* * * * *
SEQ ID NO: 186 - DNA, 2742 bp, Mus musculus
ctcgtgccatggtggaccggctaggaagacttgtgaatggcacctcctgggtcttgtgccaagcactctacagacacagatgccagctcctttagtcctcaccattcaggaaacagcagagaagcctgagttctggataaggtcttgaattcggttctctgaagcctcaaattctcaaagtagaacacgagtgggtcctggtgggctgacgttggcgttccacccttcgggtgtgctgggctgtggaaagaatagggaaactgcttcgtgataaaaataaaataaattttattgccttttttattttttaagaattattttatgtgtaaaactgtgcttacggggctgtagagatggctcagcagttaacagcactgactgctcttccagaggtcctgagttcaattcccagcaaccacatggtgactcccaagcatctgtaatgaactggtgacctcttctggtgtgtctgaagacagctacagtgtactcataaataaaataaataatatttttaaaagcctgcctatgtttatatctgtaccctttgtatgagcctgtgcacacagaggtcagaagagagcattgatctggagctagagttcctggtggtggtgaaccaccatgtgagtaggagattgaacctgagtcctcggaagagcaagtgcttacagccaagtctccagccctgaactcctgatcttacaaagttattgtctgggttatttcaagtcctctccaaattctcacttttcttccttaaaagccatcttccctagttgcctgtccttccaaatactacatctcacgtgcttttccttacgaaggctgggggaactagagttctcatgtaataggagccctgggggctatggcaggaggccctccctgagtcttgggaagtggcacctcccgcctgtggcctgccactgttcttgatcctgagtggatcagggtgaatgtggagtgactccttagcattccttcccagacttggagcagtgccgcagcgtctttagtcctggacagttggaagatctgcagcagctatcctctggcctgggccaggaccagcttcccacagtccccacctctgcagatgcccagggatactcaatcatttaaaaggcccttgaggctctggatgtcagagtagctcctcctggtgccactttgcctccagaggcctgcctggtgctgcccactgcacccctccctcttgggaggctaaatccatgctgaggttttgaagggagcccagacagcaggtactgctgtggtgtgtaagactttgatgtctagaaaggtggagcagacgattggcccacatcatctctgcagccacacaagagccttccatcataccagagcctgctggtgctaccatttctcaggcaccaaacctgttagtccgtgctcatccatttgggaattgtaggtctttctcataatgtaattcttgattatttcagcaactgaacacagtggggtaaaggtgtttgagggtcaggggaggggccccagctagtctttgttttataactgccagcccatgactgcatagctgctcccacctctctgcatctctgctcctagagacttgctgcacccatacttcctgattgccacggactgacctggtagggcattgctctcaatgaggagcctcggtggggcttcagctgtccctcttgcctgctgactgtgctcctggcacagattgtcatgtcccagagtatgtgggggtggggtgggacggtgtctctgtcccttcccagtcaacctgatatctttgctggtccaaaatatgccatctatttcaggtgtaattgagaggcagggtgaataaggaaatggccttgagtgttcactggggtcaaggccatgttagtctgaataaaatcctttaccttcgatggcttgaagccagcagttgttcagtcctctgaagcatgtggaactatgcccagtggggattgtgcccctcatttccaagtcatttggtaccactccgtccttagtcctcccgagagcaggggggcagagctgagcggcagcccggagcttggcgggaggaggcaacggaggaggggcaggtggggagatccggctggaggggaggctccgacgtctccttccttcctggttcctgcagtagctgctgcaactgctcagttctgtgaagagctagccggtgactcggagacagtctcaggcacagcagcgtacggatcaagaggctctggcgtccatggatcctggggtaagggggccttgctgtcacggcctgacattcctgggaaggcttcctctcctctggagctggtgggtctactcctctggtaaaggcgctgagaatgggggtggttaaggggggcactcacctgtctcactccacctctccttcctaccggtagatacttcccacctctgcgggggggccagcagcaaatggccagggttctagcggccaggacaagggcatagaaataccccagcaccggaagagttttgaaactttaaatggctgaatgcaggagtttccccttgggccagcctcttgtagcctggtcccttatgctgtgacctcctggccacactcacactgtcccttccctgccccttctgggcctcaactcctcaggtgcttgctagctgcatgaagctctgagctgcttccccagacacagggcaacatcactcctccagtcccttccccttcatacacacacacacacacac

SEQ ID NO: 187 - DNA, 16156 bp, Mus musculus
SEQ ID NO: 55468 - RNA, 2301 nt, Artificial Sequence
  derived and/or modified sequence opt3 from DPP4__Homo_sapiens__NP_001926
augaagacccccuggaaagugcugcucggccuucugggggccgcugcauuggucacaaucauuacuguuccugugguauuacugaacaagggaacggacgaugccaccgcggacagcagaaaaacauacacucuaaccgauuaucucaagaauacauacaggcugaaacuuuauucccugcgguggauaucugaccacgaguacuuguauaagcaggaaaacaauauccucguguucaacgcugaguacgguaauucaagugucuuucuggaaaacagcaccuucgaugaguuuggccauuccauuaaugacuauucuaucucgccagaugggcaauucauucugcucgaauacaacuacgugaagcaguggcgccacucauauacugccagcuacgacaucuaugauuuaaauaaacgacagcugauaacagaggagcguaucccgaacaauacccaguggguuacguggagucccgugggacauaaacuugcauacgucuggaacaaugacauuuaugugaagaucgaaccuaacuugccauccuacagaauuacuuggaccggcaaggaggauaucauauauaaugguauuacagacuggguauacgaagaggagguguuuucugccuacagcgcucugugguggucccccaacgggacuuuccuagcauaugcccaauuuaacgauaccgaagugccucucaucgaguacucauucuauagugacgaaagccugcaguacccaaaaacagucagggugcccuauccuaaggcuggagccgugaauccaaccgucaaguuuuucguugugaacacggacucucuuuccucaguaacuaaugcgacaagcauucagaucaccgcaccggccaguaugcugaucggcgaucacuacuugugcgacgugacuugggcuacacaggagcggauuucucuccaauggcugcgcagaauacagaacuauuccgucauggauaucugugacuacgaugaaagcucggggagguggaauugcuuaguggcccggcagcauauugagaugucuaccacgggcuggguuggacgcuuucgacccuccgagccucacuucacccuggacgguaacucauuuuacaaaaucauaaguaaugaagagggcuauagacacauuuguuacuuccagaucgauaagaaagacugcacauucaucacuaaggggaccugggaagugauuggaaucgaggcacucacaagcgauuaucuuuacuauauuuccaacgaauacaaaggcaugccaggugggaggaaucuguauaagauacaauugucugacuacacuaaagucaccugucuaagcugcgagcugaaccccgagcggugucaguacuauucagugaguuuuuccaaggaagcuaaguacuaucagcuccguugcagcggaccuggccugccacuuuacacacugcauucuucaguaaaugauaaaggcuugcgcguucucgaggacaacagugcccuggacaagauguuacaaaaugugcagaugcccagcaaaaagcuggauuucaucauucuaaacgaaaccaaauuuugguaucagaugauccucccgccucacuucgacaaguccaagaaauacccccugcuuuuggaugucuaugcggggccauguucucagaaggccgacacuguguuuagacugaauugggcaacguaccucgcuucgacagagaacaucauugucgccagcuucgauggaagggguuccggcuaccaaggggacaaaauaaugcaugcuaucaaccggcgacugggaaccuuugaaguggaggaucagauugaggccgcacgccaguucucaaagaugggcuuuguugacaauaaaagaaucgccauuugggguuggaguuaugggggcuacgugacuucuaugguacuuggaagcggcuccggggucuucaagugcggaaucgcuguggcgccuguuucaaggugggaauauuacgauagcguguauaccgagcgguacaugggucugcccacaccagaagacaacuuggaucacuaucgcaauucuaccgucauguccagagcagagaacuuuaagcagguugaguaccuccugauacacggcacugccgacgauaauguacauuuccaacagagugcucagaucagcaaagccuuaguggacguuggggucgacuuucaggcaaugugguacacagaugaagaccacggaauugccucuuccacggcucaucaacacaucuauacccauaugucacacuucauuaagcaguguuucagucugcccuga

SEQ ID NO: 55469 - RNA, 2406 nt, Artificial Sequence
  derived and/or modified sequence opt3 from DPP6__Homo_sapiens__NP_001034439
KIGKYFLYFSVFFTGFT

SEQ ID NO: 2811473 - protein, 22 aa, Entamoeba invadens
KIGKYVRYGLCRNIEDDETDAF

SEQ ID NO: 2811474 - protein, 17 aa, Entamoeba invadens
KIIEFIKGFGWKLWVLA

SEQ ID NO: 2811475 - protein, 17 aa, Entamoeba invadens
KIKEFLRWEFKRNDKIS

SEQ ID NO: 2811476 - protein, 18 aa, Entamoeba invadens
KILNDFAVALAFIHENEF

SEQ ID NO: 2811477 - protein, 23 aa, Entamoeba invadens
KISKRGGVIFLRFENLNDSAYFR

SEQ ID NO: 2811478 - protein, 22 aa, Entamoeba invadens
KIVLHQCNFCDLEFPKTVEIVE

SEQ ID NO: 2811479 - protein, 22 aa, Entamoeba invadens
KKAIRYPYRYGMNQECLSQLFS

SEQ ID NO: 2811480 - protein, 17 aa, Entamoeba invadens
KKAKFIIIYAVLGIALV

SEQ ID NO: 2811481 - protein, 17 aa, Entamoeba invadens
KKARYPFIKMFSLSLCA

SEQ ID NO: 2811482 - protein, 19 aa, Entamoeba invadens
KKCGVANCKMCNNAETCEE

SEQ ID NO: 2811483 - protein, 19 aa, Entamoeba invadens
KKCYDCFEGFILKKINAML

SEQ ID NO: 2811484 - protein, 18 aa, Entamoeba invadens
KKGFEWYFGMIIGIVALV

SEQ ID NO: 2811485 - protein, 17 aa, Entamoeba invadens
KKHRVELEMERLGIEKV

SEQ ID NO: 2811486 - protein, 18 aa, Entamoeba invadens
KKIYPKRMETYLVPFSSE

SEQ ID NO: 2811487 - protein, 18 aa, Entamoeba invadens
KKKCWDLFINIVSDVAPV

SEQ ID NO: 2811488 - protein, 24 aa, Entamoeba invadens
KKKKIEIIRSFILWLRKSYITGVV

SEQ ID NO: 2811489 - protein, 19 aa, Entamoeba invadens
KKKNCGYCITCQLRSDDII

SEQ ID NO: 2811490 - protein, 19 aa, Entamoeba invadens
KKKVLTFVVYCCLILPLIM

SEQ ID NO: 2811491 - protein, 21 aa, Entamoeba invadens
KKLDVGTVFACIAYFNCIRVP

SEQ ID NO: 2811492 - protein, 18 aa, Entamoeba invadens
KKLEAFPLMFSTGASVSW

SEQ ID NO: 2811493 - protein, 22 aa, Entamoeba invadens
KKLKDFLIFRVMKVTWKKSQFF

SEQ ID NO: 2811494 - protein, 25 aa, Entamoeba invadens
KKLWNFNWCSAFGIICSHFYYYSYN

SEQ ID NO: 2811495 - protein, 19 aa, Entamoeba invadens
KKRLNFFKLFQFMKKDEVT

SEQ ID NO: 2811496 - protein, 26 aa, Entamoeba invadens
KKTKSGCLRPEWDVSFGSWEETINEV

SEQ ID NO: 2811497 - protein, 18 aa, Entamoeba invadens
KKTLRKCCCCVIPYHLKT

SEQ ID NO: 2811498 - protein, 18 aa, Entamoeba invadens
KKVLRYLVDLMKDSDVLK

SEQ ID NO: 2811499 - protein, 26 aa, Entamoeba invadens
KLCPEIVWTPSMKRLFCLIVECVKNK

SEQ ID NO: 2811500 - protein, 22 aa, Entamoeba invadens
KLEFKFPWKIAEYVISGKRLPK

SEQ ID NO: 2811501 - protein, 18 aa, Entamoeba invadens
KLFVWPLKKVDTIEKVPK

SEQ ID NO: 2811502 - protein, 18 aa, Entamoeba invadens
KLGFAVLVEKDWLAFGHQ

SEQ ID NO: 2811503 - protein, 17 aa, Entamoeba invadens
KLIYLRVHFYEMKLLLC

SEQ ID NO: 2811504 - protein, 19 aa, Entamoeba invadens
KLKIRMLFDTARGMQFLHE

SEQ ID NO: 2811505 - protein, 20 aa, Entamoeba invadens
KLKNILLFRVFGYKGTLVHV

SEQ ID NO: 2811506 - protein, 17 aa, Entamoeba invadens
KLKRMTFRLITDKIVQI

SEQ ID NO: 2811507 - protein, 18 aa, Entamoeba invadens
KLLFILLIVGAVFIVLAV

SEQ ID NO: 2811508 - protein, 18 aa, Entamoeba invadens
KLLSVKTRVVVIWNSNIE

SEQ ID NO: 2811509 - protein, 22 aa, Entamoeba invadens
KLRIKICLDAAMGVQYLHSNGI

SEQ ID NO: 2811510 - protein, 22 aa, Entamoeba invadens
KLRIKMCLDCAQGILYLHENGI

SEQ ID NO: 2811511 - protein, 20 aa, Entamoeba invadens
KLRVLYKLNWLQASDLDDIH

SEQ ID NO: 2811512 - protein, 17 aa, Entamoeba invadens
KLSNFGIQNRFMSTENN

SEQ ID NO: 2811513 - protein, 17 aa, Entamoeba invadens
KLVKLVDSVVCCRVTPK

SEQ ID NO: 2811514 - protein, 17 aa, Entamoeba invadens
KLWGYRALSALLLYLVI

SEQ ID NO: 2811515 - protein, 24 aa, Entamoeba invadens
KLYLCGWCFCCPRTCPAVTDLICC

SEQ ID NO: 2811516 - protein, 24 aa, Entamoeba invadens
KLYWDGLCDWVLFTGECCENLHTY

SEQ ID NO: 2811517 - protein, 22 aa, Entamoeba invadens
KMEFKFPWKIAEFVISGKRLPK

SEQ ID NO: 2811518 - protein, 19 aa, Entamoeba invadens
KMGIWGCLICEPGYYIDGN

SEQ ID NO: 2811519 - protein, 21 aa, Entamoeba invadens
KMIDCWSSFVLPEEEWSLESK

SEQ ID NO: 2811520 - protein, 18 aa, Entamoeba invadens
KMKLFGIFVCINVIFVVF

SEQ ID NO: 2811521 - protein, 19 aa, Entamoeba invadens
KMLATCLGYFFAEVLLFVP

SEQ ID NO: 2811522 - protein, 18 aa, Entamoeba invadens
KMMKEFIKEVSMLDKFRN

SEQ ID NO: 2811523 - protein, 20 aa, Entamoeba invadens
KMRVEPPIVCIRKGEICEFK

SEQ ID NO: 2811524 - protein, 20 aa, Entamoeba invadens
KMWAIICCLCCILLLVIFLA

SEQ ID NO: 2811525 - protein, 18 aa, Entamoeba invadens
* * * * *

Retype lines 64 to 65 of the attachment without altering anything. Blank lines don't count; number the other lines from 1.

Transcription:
SEQ ID NO: 2811500 - protein, 22 aa, Entamoeba invadens
KLEFKFPWKIAEYVISGKRLPK